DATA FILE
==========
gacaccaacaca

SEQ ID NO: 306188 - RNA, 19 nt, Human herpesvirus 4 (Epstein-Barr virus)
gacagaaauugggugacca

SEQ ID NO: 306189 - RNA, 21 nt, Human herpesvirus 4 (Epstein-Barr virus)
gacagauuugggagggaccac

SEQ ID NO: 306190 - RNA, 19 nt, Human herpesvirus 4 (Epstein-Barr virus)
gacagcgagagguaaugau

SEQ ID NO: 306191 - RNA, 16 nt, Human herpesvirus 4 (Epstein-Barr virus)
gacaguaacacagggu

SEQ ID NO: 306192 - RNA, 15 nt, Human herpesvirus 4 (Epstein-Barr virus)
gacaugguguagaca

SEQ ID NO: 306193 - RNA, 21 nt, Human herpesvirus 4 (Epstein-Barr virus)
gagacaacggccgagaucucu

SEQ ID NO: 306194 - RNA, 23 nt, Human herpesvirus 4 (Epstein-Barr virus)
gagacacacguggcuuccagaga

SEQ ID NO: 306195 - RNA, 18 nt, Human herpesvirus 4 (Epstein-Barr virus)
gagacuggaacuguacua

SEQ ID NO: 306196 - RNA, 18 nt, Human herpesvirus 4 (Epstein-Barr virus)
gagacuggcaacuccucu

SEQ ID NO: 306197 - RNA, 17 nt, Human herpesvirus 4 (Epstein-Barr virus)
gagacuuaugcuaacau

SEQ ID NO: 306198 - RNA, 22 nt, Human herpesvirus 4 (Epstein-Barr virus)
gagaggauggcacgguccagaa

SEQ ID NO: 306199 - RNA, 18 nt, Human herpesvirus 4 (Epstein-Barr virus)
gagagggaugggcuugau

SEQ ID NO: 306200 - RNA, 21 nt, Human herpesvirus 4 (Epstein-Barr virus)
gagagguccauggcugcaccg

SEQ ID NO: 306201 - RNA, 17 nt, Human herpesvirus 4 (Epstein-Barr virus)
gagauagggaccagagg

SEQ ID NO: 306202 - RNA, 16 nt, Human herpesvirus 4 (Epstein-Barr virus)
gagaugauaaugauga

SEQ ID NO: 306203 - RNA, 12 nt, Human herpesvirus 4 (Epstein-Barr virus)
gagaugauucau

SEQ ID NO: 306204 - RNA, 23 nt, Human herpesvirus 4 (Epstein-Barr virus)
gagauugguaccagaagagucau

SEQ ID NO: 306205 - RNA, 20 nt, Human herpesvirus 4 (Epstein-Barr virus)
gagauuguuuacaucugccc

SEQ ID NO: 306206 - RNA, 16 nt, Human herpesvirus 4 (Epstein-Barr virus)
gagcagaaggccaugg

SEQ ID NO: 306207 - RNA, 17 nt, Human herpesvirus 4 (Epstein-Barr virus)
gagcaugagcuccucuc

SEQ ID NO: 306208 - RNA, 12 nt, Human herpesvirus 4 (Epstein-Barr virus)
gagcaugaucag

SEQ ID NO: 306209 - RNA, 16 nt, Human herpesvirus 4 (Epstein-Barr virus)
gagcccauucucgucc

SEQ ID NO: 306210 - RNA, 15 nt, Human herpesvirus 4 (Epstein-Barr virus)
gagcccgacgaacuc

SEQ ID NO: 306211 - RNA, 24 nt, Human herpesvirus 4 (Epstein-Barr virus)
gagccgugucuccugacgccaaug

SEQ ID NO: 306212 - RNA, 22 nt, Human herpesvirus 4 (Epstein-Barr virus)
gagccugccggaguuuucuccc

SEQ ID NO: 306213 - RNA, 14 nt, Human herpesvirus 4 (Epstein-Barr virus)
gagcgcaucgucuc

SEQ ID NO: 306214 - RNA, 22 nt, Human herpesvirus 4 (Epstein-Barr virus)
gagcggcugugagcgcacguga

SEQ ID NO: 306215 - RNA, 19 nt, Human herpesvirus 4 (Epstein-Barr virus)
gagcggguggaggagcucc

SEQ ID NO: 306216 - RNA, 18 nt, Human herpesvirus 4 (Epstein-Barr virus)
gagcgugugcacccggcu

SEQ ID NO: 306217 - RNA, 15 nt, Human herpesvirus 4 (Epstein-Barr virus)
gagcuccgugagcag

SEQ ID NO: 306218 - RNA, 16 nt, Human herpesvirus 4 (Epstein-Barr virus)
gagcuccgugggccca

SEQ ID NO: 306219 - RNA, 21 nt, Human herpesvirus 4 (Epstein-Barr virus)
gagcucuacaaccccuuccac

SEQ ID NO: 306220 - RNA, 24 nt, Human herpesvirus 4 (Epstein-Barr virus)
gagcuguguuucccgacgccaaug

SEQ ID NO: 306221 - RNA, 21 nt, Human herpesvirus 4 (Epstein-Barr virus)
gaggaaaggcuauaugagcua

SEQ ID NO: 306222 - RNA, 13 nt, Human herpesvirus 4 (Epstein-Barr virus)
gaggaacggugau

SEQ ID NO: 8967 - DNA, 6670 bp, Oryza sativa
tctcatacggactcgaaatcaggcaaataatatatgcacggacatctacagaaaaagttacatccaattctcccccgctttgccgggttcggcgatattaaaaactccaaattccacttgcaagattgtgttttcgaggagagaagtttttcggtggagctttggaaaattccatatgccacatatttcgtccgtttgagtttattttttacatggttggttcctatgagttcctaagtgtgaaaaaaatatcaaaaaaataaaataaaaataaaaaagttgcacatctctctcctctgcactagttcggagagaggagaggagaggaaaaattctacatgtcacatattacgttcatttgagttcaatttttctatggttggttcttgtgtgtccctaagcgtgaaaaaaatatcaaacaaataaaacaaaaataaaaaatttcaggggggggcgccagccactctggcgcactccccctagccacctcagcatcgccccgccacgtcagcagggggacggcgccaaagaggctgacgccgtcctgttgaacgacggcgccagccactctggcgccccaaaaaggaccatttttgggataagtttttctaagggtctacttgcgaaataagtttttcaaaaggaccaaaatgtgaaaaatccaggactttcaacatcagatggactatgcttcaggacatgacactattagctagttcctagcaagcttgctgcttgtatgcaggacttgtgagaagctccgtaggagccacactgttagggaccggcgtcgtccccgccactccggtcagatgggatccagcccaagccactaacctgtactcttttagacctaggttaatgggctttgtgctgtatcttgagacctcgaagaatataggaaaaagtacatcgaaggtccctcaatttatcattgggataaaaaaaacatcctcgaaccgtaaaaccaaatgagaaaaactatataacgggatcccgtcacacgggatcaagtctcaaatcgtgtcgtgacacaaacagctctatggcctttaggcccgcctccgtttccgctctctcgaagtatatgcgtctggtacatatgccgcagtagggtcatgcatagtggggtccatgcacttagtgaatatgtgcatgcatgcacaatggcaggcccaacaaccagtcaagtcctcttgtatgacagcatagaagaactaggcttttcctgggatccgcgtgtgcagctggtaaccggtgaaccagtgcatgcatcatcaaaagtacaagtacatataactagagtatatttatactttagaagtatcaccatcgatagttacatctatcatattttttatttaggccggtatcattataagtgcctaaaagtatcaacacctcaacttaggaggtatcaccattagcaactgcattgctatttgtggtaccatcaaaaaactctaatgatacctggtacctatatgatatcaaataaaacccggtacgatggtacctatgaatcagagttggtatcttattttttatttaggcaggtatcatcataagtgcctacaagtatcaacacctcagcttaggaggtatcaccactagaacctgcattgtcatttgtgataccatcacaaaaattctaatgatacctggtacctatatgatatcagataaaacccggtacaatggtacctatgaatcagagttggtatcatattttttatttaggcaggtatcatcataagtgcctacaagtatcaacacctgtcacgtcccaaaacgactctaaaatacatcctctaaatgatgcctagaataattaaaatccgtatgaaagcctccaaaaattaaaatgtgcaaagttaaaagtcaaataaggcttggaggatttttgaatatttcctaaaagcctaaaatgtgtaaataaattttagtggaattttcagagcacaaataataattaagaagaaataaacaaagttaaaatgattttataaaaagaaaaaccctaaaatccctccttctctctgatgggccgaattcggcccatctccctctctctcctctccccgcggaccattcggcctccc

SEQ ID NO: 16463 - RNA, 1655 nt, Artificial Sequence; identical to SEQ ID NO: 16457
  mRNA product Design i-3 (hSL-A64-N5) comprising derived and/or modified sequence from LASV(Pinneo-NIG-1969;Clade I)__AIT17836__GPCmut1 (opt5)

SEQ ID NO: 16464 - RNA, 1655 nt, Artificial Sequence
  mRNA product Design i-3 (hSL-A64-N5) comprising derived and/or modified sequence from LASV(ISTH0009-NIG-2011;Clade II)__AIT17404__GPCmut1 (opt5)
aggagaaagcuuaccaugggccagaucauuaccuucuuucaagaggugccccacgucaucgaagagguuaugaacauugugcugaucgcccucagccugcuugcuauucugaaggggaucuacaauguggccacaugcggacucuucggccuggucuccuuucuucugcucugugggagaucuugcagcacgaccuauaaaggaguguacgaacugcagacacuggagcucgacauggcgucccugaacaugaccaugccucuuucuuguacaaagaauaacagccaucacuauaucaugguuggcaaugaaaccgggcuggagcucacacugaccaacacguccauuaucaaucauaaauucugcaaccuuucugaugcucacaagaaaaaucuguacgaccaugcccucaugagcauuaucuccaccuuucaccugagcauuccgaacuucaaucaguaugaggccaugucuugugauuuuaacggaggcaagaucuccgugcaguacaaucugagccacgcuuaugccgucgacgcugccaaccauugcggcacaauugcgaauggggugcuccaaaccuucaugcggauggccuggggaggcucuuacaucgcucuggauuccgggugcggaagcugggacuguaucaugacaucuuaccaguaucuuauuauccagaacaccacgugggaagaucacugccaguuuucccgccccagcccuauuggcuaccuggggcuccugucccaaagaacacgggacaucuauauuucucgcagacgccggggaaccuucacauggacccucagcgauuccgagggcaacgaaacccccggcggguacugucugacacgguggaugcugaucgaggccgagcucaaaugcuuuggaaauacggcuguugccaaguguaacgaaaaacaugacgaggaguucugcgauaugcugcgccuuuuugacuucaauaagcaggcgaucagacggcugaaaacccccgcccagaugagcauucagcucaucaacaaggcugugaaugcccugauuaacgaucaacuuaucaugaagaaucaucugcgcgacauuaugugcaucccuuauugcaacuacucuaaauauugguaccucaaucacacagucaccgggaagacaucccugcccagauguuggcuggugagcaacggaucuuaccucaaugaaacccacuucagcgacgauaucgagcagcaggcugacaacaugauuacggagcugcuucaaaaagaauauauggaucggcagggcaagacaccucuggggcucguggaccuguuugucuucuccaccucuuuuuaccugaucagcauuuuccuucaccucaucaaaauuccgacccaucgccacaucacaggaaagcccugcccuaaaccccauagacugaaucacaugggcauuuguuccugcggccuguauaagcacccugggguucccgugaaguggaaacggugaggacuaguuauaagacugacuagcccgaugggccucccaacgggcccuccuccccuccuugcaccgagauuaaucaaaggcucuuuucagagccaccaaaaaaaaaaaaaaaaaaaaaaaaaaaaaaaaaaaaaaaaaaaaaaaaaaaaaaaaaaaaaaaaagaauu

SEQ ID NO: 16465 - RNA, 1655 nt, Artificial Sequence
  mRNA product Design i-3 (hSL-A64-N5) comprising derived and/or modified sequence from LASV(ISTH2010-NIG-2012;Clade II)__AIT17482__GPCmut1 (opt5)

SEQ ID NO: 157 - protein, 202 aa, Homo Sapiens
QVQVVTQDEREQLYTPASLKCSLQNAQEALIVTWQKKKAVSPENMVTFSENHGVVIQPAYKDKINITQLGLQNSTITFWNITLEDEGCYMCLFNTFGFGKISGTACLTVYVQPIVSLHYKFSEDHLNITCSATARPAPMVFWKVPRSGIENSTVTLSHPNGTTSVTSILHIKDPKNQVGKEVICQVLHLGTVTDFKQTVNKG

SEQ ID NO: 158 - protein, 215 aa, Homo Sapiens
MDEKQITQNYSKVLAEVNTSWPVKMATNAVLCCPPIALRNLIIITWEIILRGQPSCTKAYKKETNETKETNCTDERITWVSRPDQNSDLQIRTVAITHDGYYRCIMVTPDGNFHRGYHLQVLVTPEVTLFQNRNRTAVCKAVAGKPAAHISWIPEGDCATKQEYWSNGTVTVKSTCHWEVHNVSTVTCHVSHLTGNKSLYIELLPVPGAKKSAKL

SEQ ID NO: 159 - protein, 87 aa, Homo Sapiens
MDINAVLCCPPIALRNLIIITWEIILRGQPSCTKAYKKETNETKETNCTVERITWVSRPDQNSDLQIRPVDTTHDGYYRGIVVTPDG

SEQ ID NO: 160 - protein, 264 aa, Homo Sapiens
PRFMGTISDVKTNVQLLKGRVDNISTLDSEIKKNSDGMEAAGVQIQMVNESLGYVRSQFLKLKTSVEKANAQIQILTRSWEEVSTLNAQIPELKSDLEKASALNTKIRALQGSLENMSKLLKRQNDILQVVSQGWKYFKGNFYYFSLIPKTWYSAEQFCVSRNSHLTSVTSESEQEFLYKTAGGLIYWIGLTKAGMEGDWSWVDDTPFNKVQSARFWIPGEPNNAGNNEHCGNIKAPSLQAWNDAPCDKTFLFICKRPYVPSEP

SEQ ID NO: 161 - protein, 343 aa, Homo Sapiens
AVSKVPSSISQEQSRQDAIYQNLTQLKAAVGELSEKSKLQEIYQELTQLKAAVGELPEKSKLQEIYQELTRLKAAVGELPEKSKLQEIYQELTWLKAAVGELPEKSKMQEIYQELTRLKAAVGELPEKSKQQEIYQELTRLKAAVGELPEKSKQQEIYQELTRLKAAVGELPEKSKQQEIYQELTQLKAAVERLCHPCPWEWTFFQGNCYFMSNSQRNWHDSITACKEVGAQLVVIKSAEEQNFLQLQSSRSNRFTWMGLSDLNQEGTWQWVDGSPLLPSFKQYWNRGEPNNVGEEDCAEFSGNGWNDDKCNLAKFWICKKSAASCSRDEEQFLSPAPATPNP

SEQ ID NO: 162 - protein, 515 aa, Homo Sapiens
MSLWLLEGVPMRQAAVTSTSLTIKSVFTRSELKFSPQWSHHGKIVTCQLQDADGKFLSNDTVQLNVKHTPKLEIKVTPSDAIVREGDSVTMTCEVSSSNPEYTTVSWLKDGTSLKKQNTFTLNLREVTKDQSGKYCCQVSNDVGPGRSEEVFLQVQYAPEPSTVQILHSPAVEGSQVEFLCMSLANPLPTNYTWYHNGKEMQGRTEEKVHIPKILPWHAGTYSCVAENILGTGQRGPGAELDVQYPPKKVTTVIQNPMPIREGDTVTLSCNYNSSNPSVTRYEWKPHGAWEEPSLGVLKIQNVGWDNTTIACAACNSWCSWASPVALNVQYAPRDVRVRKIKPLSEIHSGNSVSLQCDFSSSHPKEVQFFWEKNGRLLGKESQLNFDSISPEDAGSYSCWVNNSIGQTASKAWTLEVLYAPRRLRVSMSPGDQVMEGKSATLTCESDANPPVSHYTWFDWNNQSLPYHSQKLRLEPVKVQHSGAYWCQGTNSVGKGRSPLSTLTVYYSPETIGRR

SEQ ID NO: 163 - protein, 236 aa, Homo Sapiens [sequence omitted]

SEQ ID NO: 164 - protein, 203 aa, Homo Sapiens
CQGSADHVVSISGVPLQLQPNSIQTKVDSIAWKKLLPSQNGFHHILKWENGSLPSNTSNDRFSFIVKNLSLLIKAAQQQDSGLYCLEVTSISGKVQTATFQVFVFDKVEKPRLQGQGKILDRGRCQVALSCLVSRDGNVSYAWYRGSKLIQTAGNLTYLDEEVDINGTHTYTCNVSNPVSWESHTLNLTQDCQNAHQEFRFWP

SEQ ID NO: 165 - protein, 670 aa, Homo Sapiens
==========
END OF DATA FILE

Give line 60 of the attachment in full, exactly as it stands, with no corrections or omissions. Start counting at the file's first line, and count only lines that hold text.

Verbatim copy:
SEQ ID NO: 306217 - RNA, 15 nt, Human herpesvirus 4 (Epstein-Barr virus)